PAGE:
The article below was published in Pinnable’s newsletter in .

Zuylen Castle

A Family Castle on the River Vecht

Zuylen Castle in Oud-Zuilen, near Utrecht, is a 16th-century castle built on the remains of a 13th-century donjon alongside the Vecht river. Adam van Lockhorst bought it in 1617 for use as his summer residence, and in 1656 he left the castle to his granddaughter, who in 1665, at the age of 12, married the child from her stepmother’s previous marriage, her second cousin Hendrik Jacob van Tuyll van Serooskerken. This way the Van Tuylls managed to keep the estate within their family, and they successfully continued to do so for nearly three centuries, until 1952, when Zuylen Castle became a museum. The Van Tuyll family moved elsewhere, but they left most of the original furnishings behind, including their family portraits in the dining room, marking the castle as theirs forever.

Zuylen Castle
The Gobelin Room at Zuylen Castle

In 1739, Hendrik Jacob’s grandson Diederik Jacob married Helena Jacoba de Vicq, a teenage orphan of good family & fortune, whose inheritance enabled him to upgrade his castle to a country house in 1752, in the French style that was in vogue at the time. Today, the place looks very much like it did in the late 18th century. The castle’s pièce de résistance is the Gobelin Room, which features a 75-m² verdure tapestry from 1670 by weaver Maximiliaan van der Gucht from Delft, but the rest of the house is really nice as well. The audio tour of the house takes 60–75 minutes and is available in Dutch only; information sheets in English, French & German are available for those who do not master the vernacular. The castle garden, which is noted for its 120-m-long serpentine wall from around 1742, is not included in the audio tour, but that shouldn’t stop you from taking a pleasant stroll in the park.

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In May 1672, seven years after Hendrik Jacob van Tuyll van Serooskerken (1642–92) had secured Zuylen Castle by marrying his second cousin Anna Elizabeth van Reede tot Nederhorst (1652–82), the French King Louis XIV (1638–1715) declared war on the Dutch Republic, and within two months his army conquered 27 Dutch cities; Utrecht surrendered on 24 June. To finance the war effort, the French exacted large sums of money from the wealthy inhabitants of the occupied territories, under threat of burning their estates, and in 1673 Van Tuyll paid 1,600 écus (some 4,000 guilders) in order to save his property from the flames.


Zuylen Castle is where writer Isabelle de Charrière (1740–1805), aka Belle van Zuylen, Diederik & Helena’s daughter, grew up. In 1771, after having turned down at least ten admirers (‘Je n’ai pas les talents subalternes’), she married her brothers’ former tutor Charles-Emmanuel de Charrière and moved to Colombier, near Neuchâtel, where she lived & worked for the rest of her life. Belle is best known for her epistolary novels, such as Lettres de Mistriss Henley (1784), Lettres neuchâteloises (1784), and Lettres écrites de Lausanne (1785).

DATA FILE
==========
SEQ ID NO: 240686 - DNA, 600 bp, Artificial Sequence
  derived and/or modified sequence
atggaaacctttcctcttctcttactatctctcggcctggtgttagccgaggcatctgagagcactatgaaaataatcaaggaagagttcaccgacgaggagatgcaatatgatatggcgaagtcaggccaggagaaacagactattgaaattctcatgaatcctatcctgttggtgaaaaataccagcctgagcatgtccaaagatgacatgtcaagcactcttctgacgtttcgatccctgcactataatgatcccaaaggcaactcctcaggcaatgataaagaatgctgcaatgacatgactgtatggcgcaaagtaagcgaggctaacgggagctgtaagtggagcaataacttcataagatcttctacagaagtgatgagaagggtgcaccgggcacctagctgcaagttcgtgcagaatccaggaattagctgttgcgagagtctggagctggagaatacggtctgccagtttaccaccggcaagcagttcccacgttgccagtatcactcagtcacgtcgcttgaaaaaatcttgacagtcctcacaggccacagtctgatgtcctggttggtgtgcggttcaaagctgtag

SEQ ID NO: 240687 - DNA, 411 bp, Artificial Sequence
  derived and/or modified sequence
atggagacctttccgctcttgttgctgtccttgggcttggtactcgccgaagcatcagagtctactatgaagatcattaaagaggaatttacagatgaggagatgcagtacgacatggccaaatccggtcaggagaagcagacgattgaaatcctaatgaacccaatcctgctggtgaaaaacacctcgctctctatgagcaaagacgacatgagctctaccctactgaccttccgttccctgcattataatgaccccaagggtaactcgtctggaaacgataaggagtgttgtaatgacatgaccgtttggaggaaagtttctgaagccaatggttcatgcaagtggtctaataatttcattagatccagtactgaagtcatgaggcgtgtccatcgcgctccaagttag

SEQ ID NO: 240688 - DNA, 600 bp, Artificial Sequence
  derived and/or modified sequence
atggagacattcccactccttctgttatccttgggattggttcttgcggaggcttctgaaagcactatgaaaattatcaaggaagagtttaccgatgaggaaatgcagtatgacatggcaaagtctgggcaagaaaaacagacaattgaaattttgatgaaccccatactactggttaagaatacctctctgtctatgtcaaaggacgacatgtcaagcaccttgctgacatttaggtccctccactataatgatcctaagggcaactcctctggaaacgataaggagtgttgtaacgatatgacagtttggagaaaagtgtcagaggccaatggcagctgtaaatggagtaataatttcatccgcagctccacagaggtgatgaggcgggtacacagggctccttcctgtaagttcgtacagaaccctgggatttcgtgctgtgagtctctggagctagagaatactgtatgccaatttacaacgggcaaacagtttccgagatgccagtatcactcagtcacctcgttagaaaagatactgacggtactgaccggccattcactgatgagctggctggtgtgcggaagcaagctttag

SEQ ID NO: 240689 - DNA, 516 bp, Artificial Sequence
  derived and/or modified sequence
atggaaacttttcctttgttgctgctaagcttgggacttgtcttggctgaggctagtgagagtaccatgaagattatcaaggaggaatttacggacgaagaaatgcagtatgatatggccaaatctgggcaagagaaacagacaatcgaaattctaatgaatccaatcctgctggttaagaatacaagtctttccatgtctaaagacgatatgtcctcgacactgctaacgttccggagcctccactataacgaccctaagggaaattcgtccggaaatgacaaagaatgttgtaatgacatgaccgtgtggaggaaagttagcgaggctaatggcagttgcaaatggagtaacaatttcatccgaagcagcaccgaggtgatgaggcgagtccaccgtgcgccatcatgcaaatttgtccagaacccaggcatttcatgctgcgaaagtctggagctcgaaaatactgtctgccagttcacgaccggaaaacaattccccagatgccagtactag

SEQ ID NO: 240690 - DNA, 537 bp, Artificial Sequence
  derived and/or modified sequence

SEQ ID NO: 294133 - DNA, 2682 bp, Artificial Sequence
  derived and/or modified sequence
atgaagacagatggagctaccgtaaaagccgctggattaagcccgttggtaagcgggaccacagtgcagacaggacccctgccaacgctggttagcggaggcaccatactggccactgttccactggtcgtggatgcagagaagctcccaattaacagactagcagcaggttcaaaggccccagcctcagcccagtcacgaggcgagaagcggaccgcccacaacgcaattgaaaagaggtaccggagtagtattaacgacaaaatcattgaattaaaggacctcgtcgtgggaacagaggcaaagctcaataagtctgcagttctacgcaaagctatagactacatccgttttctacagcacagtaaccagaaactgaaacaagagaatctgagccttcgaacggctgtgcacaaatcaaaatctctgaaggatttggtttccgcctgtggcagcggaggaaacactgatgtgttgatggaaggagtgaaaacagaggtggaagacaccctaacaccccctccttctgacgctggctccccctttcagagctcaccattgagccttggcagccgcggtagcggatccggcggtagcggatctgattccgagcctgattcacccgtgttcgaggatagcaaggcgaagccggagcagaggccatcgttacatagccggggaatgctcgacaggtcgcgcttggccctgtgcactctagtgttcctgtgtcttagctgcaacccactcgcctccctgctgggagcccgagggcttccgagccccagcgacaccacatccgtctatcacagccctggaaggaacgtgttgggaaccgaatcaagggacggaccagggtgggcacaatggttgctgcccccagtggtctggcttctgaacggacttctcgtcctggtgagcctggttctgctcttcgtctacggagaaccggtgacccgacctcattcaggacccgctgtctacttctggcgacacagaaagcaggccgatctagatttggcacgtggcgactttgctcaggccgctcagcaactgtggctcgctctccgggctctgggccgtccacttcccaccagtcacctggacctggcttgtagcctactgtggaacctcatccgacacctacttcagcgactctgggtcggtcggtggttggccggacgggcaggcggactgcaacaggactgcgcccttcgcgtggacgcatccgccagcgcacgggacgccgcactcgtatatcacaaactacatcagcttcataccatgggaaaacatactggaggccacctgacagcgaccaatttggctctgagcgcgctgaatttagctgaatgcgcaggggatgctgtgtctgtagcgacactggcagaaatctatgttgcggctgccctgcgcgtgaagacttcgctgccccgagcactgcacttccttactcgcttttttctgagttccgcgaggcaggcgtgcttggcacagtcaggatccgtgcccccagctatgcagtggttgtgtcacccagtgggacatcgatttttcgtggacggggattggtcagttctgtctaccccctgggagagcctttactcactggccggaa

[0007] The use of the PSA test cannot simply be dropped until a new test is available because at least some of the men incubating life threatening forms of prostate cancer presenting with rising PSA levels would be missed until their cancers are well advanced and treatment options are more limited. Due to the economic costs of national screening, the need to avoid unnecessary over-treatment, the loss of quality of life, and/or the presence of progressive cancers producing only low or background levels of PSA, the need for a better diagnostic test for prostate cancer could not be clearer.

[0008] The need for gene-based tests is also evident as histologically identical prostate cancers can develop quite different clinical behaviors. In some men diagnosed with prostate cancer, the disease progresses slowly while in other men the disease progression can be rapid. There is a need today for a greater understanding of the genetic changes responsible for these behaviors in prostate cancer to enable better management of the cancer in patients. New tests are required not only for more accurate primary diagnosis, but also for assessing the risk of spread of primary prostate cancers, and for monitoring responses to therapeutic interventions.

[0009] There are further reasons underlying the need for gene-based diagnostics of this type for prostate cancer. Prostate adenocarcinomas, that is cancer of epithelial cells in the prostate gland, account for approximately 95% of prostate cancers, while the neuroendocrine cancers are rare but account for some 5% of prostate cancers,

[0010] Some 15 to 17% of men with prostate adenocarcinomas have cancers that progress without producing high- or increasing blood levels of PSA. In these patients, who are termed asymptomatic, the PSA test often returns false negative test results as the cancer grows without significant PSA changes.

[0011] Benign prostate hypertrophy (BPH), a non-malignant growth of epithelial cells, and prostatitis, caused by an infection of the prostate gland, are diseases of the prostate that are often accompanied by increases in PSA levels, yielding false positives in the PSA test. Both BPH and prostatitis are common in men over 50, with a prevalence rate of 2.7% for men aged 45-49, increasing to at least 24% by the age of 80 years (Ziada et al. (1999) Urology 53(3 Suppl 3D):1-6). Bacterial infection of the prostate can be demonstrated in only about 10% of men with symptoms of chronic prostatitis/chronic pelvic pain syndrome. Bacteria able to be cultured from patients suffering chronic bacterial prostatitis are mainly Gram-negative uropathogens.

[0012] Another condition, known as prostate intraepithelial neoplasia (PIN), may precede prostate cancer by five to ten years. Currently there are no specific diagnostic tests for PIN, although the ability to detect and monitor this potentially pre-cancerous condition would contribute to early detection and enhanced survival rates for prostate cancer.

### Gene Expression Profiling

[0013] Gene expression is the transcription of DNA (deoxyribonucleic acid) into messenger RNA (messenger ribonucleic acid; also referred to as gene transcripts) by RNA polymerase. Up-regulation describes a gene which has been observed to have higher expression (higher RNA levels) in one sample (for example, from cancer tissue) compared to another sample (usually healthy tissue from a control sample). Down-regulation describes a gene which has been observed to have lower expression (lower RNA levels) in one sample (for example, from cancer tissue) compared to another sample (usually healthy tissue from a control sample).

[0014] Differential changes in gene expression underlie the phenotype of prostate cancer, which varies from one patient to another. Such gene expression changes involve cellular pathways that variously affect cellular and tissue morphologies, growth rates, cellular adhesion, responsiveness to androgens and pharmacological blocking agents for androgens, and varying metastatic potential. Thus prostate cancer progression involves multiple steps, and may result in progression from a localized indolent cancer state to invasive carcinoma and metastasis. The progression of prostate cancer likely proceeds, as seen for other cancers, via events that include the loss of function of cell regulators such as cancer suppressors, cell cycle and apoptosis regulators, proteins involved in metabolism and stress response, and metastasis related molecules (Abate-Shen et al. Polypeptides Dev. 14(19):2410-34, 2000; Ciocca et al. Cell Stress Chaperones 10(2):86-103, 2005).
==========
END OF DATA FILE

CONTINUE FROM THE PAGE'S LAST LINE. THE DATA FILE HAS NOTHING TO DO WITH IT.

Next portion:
In her first novel, Le Noble (1763, repr. 1771), Belle was, as in her later work, critical of aristocratic privilege & moral conventions, for which reason her parents bought up almost every copy in order to restrict the readership & notoriety of their daughter as much as they possibly could. In his review of the German translation, Die Vorzüge des alten Adels (1772), Johann Wolfgang Goethe remarked that ‘Man kann einen alltäglichen Gegenstand der Satyre nicht alltäglicher bearbeiten.’

Benjamin Constant

Toutes les opinions de Madame de Charrière reposaient sur le mépris de toutes les convenances et de tous les usages.


It’s my great pleasure to present Belle van Zuylen’s novel Le Noble here as a free e-book, based on the first edition (1763) from the Heidelberg University Library. (Click on the title above to download the ePub.)


Before Le Noble was published as a book, it ran as an article in the August 1762 edition of the Journal Etranger combiné avec l’Année Littéraire (p. 540–574), which actually appeared in May 1763, a few months before the book edition hit the market.


Zuylen Castle was built around 1525 by Count Willem van Rennenberg, on the foundation of a donjon that was built around 1250 by Steven van Zuylen and destroyed during the Hook & Cod Wars. Interestingly, Willem was the father of Eva van Rennenberg, who in 1546 married Tido Folefsen, the chieftain of Innhausen & Knyphausen and great-grandfather to Karl Hieronymus and Georg Wilhelm von Inn- & Knyphausen, who both married the heiress of Nienoord & Vredewold, Anna van Ewsum. For more information about Anna & her successive husbands, please see my previous comment about the tomb in the Church of Midwolde. Tido & Eva are buried in St Willehad’s Church in Accum; their tombstone is a perfect example of Flemish Renaissance portrait sculpture.

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